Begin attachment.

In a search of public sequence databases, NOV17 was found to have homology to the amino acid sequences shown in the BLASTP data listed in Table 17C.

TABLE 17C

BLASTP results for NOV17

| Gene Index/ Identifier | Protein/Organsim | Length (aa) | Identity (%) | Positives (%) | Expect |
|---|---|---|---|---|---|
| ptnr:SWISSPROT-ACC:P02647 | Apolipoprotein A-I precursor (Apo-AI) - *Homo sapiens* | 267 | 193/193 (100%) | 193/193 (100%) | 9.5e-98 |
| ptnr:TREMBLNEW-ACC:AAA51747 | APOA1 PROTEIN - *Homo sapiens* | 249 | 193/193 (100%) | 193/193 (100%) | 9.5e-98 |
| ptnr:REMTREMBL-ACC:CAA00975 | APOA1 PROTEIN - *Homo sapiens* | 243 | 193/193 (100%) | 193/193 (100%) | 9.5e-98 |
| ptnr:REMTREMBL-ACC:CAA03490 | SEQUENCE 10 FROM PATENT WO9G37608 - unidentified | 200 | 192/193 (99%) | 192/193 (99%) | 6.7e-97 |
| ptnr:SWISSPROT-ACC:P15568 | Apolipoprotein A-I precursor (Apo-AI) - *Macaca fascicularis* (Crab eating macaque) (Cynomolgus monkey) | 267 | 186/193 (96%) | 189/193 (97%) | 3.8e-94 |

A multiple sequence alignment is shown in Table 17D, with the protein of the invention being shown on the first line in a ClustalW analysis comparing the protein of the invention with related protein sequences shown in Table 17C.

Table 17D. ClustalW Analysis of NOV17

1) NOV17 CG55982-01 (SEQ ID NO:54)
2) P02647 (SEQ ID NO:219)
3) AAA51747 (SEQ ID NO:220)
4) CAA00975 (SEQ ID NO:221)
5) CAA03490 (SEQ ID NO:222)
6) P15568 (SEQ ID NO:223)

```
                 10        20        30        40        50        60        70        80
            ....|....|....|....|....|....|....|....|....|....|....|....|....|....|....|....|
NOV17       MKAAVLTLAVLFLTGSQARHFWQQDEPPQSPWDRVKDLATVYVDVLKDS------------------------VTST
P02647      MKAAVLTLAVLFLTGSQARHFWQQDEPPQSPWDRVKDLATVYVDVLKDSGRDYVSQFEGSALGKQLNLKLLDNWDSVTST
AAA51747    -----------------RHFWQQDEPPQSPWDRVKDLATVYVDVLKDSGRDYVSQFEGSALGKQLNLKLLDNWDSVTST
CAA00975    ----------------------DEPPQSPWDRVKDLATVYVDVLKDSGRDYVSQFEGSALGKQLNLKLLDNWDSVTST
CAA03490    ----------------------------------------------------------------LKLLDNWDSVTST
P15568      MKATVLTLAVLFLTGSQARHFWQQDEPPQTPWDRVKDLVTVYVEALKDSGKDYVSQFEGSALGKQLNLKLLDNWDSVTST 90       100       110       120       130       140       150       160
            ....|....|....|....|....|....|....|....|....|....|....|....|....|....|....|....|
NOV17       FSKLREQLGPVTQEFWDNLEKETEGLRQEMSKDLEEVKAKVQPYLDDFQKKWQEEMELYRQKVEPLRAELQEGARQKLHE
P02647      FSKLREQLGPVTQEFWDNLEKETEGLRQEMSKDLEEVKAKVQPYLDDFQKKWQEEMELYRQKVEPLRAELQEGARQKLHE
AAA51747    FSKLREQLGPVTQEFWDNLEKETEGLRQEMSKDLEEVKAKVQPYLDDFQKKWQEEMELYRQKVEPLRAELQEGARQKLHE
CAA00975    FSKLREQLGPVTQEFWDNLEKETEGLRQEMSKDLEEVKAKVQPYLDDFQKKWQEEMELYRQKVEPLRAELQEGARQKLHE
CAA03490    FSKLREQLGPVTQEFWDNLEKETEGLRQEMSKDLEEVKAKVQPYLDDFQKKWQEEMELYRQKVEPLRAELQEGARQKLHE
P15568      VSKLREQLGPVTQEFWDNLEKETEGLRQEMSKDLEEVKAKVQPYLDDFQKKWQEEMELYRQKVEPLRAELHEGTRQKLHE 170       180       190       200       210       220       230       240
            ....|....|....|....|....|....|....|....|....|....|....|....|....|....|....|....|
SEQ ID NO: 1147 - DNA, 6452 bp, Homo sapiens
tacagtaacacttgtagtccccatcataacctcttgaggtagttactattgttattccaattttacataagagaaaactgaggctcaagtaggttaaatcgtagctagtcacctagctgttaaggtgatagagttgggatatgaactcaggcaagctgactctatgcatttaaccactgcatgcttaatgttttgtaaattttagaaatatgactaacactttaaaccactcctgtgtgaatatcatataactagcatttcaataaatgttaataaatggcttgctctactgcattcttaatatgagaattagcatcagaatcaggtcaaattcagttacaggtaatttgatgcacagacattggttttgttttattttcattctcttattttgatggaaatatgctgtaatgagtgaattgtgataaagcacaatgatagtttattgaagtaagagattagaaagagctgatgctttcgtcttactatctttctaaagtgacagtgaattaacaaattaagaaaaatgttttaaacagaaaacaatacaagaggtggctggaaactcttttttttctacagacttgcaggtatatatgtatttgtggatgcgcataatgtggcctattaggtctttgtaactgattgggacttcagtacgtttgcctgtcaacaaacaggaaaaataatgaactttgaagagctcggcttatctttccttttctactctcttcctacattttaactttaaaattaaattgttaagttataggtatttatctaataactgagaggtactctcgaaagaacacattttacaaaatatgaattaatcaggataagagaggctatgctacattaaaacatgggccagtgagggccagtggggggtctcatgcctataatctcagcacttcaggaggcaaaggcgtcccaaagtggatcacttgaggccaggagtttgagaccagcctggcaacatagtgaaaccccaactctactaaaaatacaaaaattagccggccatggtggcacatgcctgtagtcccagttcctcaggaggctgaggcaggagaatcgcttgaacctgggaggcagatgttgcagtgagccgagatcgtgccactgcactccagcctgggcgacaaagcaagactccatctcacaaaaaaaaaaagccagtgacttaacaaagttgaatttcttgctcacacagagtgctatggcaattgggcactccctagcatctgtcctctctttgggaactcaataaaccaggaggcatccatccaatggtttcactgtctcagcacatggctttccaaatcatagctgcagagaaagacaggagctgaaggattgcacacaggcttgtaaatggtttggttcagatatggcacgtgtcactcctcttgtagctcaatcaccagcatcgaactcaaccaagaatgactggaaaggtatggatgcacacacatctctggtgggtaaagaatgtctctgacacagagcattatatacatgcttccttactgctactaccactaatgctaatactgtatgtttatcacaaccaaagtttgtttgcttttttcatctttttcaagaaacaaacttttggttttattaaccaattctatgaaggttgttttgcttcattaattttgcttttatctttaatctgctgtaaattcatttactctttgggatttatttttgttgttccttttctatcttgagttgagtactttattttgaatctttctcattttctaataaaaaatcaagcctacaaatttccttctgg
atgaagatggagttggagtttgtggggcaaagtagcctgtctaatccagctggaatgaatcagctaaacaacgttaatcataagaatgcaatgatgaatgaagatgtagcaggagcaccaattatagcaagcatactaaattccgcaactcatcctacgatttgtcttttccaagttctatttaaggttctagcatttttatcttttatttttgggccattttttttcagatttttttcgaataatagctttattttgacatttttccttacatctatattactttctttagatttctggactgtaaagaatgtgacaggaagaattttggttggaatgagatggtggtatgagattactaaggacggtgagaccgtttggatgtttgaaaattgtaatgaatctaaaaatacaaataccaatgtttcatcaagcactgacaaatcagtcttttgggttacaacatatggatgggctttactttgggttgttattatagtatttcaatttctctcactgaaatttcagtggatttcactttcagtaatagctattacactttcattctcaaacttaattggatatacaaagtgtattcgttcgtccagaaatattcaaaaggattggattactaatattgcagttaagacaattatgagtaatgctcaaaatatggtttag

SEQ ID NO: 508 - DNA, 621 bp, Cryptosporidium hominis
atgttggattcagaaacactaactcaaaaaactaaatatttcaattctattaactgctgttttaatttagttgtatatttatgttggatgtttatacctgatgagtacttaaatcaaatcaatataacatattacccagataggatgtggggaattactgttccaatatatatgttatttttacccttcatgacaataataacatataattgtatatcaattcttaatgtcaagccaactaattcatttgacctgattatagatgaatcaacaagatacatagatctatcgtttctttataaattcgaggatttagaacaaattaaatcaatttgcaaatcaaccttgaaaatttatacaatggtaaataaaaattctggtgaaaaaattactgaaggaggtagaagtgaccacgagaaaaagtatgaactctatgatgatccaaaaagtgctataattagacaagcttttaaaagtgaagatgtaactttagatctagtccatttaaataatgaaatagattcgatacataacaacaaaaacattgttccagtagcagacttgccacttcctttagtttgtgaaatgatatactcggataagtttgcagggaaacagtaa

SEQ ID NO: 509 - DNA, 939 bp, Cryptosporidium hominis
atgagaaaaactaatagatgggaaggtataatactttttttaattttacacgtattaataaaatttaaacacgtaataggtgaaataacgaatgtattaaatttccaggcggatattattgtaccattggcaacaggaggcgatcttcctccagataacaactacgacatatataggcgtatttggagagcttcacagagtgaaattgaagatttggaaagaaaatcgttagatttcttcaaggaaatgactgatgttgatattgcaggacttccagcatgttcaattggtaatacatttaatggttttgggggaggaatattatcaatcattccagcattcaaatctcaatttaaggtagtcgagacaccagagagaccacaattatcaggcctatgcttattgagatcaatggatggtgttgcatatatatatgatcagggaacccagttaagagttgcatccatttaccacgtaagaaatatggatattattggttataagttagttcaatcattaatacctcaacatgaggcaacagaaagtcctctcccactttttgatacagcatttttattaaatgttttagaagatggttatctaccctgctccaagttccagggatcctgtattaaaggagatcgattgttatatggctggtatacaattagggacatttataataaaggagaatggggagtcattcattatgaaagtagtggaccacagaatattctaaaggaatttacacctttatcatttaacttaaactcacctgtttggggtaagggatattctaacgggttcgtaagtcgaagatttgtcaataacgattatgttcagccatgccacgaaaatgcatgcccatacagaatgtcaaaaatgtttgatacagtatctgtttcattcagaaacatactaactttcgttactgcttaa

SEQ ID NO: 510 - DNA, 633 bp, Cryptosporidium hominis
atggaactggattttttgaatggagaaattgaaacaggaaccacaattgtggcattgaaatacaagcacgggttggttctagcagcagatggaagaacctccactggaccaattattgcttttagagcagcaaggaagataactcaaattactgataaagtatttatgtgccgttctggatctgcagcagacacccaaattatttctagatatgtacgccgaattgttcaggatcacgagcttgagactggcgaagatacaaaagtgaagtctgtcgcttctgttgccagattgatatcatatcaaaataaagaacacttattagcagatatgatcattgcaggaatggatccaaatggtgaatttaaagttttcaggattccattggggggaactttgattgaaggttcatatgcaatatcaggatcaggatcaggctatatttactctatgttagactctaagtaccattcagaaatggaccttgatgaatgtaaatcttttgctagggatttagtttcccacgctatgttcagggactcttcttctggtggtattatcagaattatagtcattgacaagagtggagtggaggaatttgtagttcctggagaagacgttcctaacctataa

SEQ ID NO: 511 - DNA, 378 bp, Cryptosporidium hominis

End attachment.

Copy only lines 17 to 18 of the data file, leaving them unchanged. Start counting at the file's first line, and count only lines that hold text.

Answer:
5) CAA03490 (SEQ ID NO:222)
6) P15568 (SEQ ID NO:223)